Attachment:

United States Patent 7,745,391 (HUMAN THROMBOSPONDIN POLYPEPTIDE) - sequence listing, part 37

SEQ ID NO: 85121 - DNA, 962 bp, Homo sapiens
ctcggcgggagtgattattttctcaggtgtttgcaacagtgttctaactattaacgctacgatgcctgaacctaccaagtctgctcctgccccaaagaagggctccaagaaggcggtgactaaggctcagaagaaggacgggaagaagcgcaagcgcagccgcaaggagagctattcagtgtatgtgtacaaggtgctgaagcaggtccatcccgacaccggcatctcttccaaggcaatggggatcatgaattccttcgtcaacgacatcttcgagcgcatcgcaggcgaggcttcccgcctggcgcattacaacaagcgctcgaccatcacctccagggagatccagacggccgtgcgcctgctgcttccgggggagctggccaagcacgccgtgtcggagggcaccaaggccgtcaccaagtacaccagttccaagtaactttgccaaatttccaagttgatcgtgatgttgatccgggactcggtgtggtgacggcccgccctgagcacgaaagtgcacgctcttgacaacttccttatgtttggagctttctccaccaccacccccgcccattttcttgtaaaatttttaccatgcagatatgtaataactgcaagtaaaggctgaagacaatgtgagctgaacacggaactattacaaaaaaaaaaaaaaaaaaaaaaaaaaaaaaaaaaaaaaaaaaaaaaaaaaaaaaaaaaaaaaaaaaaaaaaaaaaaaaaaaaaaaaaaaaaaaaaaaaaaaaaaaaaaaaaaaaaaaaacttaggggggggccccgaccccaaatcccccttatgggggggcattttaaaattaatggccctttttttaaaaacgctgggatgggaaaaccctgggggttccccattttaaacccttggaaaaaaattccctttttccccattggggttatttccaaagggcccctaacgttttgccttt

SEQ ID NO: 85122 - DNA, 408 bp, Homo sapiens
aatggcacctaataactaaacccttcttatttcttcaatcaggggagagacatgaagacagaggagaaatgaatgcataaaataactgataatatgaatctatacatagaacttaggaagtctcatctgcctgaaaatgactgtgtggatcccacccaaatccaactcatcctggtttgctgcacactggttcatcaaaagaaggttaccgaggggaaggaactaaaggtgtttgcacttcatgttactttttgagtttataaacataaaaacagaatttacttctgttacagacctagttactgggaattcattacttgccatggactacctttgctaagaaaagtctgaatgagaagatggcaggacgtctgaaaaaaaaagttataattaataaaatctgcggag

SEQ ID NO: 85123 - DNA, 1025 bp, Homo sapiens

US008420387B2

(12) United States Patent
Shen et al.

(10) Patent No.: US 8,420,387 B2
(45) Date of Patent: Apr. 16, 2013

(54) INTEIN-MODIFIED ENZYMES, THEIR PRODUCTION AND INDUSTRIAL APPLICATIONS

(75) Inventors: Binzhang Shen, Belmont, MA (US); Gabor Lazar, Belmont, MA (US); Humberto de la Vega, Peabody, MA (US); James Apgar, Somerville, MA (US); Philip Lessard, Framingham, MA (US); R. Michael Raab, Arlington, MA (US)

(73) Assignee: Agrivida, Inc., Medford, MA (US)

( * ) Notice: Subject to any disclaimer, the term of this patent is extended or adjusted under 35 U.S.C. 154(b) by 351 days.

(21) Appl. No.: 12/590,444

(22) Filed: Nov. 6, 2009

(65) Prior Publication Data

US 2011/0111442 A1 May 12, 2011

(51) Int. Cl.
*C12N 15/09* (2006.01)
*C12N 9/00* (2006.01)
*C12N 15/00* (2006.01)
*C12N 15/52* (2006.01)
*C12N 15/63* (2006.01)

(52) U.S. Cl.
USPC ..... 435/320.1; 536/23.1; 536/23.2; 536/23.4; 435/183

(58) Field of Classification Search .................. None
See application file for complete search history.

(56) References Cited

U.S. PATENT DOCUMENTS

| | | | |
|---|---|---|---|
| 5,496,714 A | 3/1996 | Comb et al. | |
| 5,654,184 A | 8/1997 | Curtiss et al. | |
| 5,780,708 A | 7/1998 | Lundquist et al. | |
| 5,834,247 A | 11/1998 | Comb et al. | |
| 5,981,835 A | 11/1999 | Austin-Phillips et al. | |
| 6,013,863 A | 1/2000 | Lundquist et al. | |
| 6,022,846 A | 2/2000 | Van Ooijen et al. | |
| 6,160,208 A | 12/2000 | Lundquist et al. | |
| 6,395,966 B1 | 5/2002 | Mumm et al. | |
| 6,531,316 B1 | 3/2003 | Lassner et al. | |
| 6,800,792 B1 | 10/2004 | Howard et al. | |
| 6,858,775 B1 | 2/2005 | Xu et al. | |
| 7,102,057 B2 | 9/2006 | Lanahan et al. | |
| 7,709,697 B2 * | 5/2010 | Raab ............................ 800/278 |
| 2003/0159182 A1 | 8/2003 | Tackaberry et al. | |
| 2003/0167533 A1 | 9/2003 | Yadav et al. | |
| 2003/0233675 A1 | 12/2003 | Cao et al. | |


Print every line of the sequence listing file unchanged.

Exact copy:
United States Patent 7,745,391 (HUMAN THROMBOSPONDIN POLYPEPTIDE) - sequence listing, part 37

SEQ ID NO: 85121 - DNA, 962 bp, Homo sapiens
ctcggcgggagtgattattttctcaggtgtttgcaacagtgttctaactattaacgctacgatgcctgaacctaccaagtctgctcctgccccaaagaagggctccaagaaggcggtgactaaggctcagaagaaggacgggaagaagcgcaagcgcagccgcaaggagagctattcagtgtatgtgtacaaggtgctgaagcaggtccatcccgacaccggcatctcttccaaggcaatggggatcatgaattccttcgtcaacgacatcttcgagcgcatcgcaggcgaggcttcccgcctggcgcattacaacaagcgctcgaccatcacctccagggagatccagacggccgtgcgcctgctgcttccgggggagctggccaagcacgccgtgtcggagggcaccaaggccgtcaccaagtacaccagttccaagtaactttgccaaatttccaagttgatcgtgatgttgatccgggactcggtgtggtgacggcccgccctgagcacgaaagtgcacgctcttgacaacttccttatgtttggagctttctccaccaccacccccgcccattttcttgtaaaatttttaccatgcagatatgtaataactgcaagtaaaggctgaagacaatgtgagctgaacacggaactattacaaaaaaaaaaaaaaaaaaaaaaaaaaaaaaaaaaaaaaaaaaaaaaaaaaaaaaaaaaaaaaaaaaaaaaaaaaaaaaaaaaaaaaaaaaaaaaaaaaaaaaaaaaaaaaaaaaaaaaacttaggggggggccccgaccccaaatcccccttatgggggggcattttaaaattaatggccctttttttaaaaacgctgggatgggaaaaccctgggggttccccattttaaacccttggaaaaaaattccctttttccccattggggttatttccaaagggcccctaacgttttgccttt

SEQ ID NO: 85122 - DNA, 408 bp, Homo sapiens
aatggcacctaataactaaacccttcttatttcttcaatcaggggagagacatgaagacagaggagaaatgaatgcataaaataactgataatatgaatctatacatagaacttaggaagtctcatctgcctgaaaatgactgtgtggatcccacccaaatccaactcatcctggtttgctgcacactggttcatcaaaagaaggttaccgaggggaaggaactaaaggtgtttgcacttcatgttactttttgagtttataaacataaaaacagaatttacttctgttacagacctagttactgggaattcattacttgccatggactacctttgctaagaaaagtctgaatgagaagatggcaggacgtctgaaaaaaaaagttataattaataaaatctgcggag

SEQ ID NO: 85123 - DNA, 1025 bp, Homo sapiens

US008420387B2

(12) United States Patent
Shen et al.

(10) Patent No.: US 8,420,387 B2
(45) Date of Patent: Apr. 16, 2013

(54) INTEIN-MODIFIED ENZYMES, THEIR PRODUCTION AND INDUSTRIAL APPLICATIONS

(75) Inventors: Binzhang Shen, Belmont, MA (US); Gabor Lazar, Belmont, MA (US); Humberto de la Vega, Peabody, MA (US); James Apgar, Somerville, MA (US); Philip Lessard, Framingham, MA (US); R. Michael Raab, Arlington, MA (US)

(73) Assignee: Agrivida, Inc., Medford, MA (US)

( * ) Notice: Subject to any disclaimer, the term of this patent is extended or adjusted under 35 U.S.C. 154(b) by 351 days.

(21) Appl. No.: 12/590,444

(22) Filed: Nov. 6, 2009

(65) Prior Publication Data

US 2011/0111442 A1 May 12, 2011

(51) Int. Cl.
*C12N 15/09* (2006.01)
*C12N 9/00* (2006.01)
*C12N 15/00* (2006.01)
*C12N 15/52* (2006.01)
*C12N 15/63* (2006.01)

(52) U.S. Cl.
USPC ..... 435/320.1; 536/23.1; 536/23.2; 536/23.4; 435/183

(58) Field of Classification Search .................. None
See application file for complete search history.

(56) References Cited

U.S. PATENT DOCUMENTS

| | | | |
|---|---|---|---|
| 5,496,714 A | 3/1996 | Comb et al. | |
| 5,654,184 A | 8/1997 | Curtiss et al. | |
| 5,780,708 A | 7/1998 | Lundquist et al. | |
| 5,834,247 A | 11/1998 | Comb et al. | |
| 5,981,835 A | 11/1999 | Austin-Phillips et al. | |
| 6,013,863 A | 1/2000 | Lundquist et al. | |
| 6,022,846 A | 2/2000 | Van Ooijen et al. | |
| 6,160,208 A | 12/2000 | Lundquist et al. | |
| 6,395,966 B1 | 5/2002 | Mumm et al. | |
| 6,531,316 B1 | 3/2003 | Lassner et al. | |
| 6,800,792 B1 | 10/2004 | Howard et al. | |
| 6,858,775 B1 | 2/2005 | Xu et al. | |
| 7,102,057 B2 | 9/2006 | Lanahan et al. | |
| 7,709,697 B2 * | 5/2010 | Raab ............................ 800/278 |
| 2003/0159182 A1 | 8/2003 | Tackaberry et al. | |
| 2003/0167533 A1 | 9/2003 | Yadav et al. | |
| 2003/0233675 A1 | 12/2003 | Cao et al. | |